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American Moderns: Bohemian New York and the Creation of a New Century
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American Moderns: Bohemian New York and the Creation of a New Century

3.66 of 5 stars 3.66  ·  rating details  ·  87 ratings  ·  11 reviews
A brilliant account of the American bohemians whose experiments in living, writing, and loving created the modern world and made New York its capital.

In the early years of the twentieth century, an exuberant band of talented individualists living in a shabby neighborhood called Greenwich Village set out to change the world. Committed to free speech, free love, and politica...more
Hardcover, 432 pages
Published May 3rd 2000 by Henry Holt and Co. (first published 2000)
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Stansell presents a long, biographically-driven story of the "intelligentsia" of the Left wing lifestyle politics-- the Bohemians who would become Greenwich Villagers over time--the people who were movers and shakers behind the idealization of New Woman discussions before the New Woman of the 1920s became widely popular. This was a world of free love (open marriages, marriages of non-cohabitation, and others cohabitating and not marriage) and of IWW advocacy, and generally of disobedience before...more
I was excited when I first saw this book on my reading list... the title reminded me of a book I read Nights out: Life in cosmopolitan London (which came out after American Moderns). I was expecting a similar book, but set in NY. While the book was very interesting, particularly the section on "The Human Sex," it did not make my favorites' list. I was not expecting a book filled with mini-biographies on individuals and found it difficult at first to keep track of all the characters. I found the...more
Alexandra Noelle
Focused on turn of the century New York City, Christine Stansell’s work, American Moderns: Bohemian New York and the Creation of a New Century offers insight into the creation of bohemian culture and the area known today as Greenwich Village. Stansell’s work is foremost a character study. Focusing on thematic organization Stansell is able to highlight key players of the Bohemian movement in a relatively narrow time period. Her work is not a mere chronological study of downtown New York, but rath...more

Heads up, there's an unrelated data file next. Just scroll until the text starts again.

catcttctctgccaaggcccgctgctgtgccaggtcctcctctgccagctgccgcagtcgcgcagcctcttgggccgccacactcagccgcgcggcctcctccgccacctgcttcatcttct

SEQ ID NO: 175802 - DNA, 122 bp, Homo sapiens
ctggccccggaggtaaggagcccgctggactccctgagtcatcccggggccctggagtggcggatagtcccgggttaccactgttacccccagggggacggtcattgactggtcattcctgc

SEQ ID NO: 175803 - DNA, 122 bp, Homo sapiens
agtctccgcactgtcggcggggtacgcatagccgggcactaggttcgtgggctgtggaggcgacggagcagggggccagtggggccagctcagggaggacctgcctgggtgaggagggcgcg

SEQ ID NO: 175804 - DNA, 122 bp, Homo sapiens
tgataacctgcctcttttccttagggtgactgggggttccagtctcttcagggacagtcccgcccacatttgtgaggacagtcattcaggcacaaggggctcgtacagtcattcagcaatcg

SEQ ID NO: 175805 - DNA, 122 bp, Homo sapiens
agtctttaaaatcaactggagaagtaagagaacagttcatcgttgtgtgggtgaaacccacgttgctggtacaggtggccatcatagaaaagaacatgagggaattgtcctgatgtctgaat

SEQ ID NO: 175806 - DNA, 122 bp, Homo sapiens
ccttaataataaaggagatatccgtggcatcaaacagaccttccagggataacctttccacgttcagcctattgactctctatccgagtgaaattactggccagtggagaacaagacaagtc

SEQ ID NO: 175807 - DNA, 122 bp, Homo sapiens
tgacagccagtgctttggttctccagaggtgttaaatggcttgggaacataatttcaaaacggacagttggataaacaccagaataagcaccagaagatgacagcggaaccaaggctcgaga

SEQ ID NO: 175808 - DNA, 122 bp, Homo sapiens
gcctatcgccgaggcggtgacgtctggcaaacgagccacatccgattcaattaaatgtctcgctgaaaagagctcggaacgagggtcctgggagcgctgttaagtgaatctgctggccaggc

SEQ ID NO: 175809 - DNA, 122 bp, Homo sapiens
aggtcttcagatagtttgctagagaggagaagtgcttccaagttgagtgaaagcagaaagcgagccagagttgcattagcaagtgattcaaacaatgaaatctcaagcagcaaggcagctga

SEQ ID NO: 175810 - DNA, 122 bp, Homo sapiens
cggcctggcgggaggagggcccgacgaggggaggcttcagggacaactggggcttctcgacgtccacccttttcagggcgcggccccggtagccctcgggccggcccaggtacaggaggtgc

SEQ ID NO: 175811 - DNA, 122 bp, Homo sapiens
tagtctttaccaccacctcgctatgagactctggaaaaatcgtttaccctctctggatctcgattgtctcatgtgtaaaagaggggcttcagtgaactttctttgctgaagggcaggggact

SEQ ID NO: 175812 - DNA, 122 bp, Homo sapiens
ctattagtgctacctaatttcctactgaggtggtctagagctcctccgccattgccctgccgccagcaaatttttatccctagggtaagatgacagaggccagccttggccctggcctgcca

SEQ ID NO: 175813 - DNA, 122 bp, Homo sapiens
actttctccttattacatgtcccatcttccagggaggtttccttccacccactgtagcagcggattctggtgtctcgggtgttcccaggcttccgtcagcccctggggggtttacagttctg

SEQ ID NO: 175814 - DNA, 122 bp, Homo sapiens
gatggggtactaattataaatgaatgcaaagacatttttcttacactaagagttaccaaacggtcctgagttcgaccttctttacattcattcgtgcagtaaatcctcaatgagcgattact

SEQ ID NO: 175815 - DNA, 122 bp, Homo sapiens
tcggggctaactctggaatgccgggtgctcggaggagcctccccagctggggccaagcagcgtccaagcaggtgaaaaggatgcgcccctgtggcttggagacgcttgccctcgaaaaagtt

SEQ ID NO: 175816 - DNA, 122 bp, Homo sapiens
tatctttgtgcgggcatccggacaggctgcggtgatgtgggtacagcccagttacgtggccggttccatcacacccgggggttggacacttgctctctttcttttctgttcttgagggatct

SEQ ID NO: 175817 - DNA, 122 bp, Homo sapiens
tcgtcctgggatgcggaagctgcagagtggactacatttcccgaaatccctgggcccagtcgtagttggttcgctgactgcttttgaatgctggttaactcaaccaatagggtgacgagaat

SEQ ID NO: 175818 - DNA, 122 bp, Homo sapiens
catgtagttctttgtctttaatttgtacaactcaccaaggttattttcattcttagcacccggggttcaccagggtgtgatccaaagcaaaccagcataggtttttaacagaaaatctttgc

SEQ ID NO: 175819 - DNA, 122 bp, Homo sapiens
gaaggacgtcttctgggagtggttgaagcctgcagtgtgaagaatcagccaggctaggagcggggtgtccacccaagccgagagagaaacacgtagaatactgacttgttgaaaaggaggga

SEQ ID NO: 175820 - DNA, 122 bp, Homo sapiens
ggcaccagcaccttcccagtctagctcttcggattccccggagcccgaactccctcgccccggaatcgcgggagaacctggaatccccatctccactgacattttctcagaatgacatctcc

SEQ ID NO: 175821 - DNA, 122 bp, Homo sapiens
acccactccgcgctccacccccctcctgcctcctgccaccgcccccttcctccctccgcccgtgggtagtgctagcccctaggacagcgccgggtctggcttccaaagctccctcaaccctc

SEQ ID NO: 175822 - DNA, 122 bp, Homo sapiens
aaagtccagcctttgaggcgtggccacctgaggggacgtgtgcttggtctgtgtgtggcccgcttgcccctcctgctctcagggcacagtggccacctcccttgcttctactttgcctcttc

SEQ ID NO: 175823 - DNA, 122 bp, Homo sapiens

Jul 10, 2012 Jill added it
The backstory to the movie Reds, which I saw as a teenager and which I'm sure played a significant role in my becoming a historian. Not as engrossing as the movie, and I found the organization rather clunky and a little repetitive in places, but generally interesting. I especially appreciated the subtheme of performance: the major players all engaged in some form of self-dramatization, either through writing or talking (conversation, speeches, dramatic performances).

I do have to admit, though, t...more
Stansell explores the world of New York Bohemia at the turn of the 20th century – a multicultural world of intellectuals, immigrants, Wobblies, women, artist, and anarchists. Heavily influenced by European literature, politically engaged New York bohemians devoted to free speech and free love, as well as the creation of a new modern culture. Not surprisingly considering Stansell’s work on urban women and sexuality, the book focuses of the socio-sexual liberation of women. It was ok; I enjoyed le...more
See, there were these folks in Greenwich Village who had great parties and lots of great uncomplicated (or so they thought) sex, and they might have changed the world, but then WWI happened. My parents went to their parties, and all I got was this lousy book.
Who knew Davenport, Iowa had an imprtant and big boho culture? I liked this book a lot, especially the parts on Randolph Bourne.
As mentioned by Kate Bolick.
Okay. Although an interesting portrait of Greenwich Village.
Makes me miss being a historian.
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